Research interests

My research is concerned with the theoretical study of imprecise probability models, and with the design of efficient computational methods that allow these models to be used for statistical inference and decision making.

Simply put, imprecise probability models are just sets of probability models: whenever it is infeasible to reliably estimate a single probability, a set of probabilities is used instead, each of whose elements is regarded as a candidate for some ideal true probability. In this sense, imprecise probability theory is an extension of probability theory that combines probabilistic uncertainty and model uncertainty into a single theory. However, this simplified view is only one of the many ways to look at or interpret imprecise probabilities. Among the many other imprecise-probabilistic frameworks that exist, I favour lower previsions and sets of desirable gambles.

From an applied point of view, imprecise probability models are useful whenever sharp, precise and trustworthy assessments of probabilities are not available, for example because it is too difficult, costly, or time-consuming to gather sufficient data or expert knowledge. In such cases, standard probability models, and the inferences and decisions that are obtained by them, are often unreliable. Imprecise probability models avoid this problem by allowing for partial probability assessments such as bounds on probabilities. The resulting inferences and decisions are robust with respect to variations within these bounds, and will therefore remain reliable even in cases of severe uncertainty.

Credal networks

Within the field of imprecise probabilities, my main research topic is credal networks, which are probabilistic graphical models that generalise Pearl's celebrated Bayesian networks to the framework of imprecise probabilities, including special cases such as hidden Markov models and Markov chains. Basically, the main difference is that the local uncertainty models of a credal network are allowed to be imprecise, whereas a Bayesian network only considers probability distributions. This extra feature allows for more flexible modelling, and results in inferences and decisions that are more reliable. However, it also comes at a price: computing inferences in credal networks tends to be very complex, and efficient algorithms typically apply to specific inference problems only. Much of my research aims at reducing this complexity, by developing efficient algorithms for new types of inference problems.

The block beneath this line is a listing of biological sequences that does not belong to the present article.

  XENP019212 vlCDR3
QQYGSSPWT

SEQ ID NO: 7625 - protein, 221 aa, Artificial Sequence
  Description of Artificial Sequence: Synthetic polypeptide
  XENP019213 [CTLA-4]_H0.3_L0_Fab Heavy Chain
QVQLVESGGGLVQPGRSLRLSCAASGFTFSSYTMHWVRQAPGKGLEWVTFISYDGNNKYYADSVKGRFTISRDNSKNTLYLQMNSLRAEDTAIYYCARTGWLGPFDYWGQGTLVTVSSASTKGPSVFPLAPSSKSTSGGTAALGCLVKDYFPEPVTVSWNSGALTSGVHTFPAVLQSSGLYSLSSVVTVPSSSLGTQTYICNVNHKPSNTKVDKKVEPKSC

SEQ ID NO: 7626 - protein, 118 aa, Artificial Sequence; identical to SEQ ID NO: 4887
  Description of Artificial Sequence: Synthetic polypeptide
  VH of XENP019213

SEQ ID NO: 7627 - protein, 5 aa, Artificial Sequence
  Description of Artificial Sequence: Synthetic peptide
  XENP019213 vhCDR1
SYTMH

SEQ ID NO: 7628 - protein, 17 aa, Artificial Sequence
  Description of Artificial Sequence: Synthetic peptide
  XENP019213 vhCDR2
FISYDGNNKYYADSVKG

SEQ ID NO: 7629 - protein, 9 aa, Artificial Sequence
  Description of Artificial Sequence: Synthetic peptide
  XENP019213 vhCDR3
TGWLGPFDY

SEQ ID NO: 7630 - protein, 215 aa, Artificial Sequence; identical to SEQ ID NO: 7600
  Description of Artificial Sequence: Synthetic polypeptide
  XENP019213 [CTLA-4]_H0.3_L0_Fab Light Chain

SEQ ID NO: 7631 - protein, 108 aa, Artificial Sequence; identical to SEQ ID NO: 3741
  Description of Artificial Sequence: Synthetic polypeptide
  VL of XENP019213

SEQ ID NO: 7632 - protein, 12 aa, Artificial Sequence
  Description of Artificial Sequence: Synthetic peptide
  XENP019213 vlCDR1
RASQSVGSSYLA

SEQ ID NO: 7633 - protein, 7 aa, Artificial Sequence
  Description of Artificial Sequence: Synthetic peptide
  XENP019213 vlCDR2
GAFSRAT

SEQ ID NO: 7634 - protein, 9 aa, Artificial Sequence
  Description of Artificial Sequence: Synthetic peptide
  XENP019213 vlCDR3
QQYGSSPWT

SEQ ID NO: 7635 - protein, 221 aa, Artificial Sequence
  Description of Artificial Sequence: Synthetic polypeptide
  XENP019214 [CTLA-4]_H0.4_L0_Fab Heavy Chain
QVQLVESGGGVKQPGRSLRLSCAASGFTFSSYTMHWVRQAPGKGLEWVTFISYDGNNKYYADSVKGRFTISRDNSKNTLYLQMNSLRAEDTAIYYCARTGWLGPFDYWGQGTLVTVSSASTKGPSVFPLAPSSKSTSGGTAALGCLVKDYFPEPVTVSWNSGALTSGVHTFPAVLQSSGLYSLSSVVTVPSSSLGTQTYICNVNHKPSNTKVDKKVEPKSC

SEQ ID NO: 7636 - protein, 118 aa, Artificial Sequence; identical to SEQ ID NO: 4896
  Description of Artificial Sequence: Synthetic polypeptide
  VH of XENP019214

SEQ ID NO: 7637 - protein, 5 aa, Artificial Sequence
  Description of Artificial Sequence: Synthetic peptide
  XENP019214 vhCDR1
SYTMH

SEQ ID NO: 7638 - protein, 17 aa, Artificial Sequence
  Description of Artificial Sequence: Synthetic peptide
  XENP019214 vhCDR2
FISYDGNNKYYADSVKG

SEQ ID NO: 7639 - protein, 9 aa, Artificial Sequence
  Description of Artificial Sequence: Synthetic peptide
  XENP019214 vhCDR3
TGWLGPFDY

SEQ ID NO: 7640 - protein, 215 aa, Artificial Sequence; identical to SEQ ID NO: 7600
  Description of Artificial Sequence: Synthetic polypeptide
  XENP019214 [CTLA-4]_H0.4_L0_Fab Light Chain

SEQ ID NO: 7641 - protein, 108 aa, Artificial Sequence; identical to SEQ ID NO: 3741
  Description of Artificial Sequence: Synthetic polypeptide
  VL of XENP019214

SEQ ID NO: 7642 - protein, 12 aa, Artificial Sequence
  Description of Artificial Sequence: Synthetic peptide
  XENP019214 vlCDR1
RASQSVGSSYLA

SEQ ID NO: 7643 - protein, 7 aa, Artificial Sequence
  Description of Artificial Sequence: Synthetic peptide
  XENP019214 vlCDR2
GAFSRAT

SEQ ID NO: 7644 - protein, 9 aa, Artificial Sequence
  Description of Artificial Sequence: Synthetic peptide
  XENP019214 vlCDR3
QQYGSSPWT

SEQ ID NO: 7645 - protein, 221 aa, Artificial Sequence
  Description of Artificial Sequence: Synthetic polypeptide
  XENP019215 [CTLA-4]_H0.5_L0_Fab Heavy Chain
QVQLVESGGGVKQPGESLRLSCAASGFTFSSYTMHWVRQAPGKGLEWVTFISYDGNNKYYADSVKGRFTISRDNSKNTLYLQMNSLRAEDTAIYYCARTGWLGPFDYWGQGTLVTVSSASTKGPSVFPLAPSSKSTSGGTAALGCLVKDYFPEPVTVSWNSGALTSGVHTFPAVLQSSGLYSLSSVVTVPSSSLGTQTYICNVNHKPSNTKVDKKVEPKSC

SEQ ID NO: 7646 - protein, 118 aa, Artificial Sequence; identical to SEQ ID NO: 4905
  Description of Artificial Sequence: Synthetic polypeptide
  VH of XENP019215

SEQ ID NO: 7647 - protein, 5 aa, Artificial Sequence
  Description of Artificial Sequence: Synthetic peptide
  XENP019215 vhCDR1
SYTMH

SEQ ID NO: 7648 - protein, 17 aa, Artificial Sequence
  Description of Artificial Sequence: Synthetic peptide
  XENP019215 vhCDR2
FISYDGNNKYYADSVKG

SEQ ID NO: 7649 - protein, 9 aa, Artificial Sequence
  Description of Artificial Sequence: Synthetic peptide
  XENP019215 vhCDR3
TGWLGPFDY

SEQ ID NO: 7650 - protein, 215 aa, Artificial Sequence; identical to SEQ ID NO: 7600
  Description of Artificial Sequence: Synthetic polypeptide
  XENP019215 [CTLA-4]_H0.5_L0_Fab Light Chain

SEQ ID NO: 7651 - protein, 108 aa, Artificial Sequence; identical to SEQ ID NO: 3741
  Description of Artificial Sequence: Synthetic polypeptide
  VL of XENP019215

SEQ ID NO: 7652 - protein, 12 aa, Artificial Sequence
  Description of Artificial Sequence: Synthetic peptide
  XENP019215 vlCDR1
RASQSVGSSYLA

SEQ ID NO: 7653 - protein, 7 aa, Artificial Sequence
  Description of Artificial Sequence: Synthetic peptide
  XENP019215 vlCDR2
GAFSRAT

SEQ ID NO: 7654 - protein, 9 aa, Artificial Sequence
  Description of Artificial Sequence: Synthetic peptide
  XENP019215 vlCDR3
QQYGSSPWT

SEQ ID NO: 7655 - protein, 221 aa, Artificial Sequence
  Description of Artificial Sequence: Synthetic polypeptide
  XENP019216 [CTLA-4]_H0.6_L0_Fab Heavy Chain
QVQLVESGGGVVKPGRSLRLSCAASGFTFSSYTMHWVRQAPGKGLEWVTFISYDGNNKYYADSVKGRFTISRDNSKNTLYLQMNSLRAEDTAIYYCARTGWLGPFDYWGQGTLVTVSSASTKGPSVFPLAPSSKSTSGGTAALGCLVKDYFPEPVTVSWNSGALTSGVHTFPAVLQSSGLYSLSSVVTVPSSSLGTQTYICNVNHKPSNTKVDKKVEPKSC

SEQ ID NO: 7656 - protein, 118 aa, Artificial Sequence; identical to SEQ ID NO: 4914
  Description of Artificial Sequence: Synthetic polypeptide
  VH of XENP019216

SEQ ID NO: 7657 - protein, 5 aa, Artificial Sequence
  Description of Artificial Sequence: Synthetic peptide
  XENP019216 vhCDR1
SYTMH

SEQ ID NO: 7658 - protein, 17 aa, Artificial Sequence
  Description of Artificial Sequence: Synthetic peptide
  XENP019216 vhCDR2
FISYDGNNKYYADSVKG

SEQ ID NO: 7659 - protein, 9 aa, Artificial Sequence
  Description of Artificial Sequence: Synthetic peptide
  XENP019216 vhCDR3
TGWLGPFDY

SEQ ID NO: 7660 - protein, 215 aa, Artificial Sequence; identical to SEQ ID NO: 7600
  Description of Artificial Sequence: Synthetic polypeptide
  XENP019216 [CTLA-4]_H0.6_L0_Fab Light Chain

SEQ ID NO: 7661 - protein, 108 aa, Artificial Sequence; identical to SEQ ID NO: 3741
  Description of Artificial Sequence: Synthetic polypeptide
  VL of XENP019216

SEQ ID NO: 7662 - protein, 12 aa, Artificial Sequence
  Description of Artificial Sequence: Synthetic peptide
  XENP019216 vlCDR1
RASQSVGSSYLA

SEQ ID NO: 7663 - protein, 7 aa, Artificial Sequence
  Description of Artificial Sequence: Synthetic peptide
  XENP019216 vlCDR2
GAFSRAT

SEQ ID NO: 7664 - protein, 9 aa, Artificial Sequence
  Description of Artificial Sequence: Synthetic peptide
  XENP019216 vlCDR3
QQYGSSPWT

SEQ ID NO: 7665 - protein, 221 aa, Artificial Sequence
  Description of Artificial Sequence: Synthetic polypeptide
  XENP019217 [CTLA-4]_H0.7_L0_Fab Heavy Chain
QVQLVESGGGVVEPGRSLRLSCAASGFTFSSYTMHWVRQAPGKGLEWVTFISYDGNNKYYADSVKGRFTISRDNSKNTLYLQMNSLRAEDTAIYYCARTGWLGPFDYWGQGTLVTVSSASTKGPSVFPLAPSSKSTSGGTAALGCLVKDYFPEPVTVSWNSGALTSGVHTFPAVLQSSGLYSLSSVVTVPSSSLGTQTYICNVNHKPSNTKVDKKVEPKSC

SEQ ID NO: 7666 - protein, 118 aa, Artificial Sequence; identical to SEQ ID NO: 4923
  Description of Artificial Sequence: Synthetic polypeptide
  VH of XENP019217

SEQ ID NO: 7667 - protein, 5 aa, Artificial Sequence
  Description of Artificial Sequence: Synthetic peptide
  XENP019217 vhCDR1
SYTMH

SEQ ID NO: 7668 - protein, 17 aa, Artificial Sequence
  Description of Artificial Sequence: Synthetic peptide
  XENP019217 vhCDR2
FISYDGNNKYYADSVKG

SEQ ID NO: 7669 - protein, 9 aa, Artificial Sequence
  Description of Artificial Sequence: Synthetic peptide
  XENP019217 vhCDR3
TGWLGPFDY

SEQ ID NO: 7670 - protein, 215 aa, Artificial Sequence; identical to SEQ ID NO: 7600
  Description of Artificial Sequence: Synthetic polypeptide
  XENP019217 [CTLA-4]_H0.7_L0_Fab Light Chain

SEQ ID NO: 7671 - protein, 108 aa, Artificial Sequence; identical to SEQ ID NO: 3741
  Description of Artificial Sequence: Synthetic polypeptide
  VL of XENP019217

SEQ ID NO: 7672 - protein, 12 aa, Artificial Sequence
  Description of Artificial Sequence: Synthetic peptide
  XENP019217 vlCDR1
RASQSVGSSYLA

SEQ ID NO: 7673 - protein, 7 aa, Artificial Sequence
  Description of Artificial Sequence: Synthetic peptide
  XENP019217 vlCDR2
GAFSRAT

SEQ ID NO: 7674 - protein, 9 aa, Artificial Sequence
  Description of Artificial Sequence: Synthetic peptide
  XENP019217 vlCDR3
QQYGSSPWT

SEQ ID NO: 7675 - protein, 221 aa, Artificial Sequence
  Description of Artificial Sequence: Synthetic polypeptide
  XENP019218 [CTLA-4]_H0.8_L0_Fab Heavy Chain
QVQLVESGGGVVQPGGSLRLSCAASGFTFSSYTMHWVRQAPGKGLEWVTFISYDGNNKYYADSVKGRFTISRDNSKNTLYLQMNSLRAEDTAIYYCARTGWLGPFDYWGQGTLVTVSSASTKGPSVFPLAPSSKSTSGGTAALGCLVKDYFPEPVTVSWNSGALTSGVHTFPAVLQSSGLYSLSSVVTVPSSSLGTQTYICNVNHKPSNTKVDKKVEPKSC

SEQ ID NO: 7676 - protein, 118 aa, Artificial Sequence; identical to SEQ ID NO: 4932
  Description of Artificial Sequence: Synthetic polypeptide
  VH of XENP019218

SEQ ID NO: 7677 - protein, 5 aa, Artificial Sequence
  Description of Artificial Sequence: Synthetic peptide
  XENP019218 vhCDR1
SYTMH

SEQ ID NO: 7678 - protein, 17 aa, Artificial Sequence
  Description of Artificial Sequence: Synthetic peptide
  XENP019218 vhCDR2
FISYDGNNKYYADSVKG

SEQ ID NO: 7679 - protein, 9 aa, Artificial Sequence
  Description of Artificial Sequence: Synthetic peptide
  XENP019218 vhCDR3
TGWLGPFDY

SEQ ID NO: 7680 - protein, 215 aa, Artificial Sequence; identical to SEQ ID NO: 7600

In the context of my PhD, I have focussed on one particular type of credal networks, called credal networks under epistemic irrelevance. I have studied their theoretical properties, and have used these properties to design algorithms for them that can efficiently solve large classes of inference problems. Interestingly, these classes include problems that are known to be NP-hard for other types of credal networks, such as credal networks under strong or complete independence. More recently, I have also designed some algorithms for these other types of credal networks, but only for specific inference problems.

My next goal is to develop a new type of credal networks, called mixed credal networks, that combines the best features of existing types of credal networks, and to design inference algorithms for these mixed credal networks that are as efficient as their Bayesian network counterparts.

Stochastic processes

I am also interested in stochastic processes, and in particular, in their extension to the framework of imprecise probabilities. Initially, because of their link with credal networks, I focussed on imprecise versions of discrete-time Markov chains. By now, my interest has broadened to include imprecise Poisson processes, imprecise Dirichlet processes, imprecise multinomial processes and imprecise continuous-time Markov chains. My research on these processes ranges from foundational topics such as exchangeability and limit theorems, over computational aspects such as the development of optimisation techniques, up to applications to statistical inference and queueing theory.

My most recent as well as current work on stochastic processes is devoted to the theoretical study of imprecise continuous-time Markov chains, and to the development of efficient optimisation techniques for them.

Other topics

Besides on credal networks and stochastic processes, I have also worked on, and remain interested in, a number of other topics, all within the realm of imprecise probabilities. The following list provides a brief overview:

  • Imprecise extensions of the Viterbi algorithm
  • Credal classifiers and their empirical evaluation
  • Martingale-theoretic approaches to imprecision: foundations, ergodic theorems, ...
  • Imprecise extensions of optimal control algorithms
  • Conditioning on events with (lower) probability zero
  • Extreme lower previsions
  • Sensitivity analysis

“La théorie des probabilités n’est, au fond, que le bon sens réduit au calcul;
elle fait apprécier avec exactitude ce que les esprits justes sentent par une sorte d'instinct,
sans qu'ils puissent souvent s'en rendre compte.”

– Pierre-Simon Laplace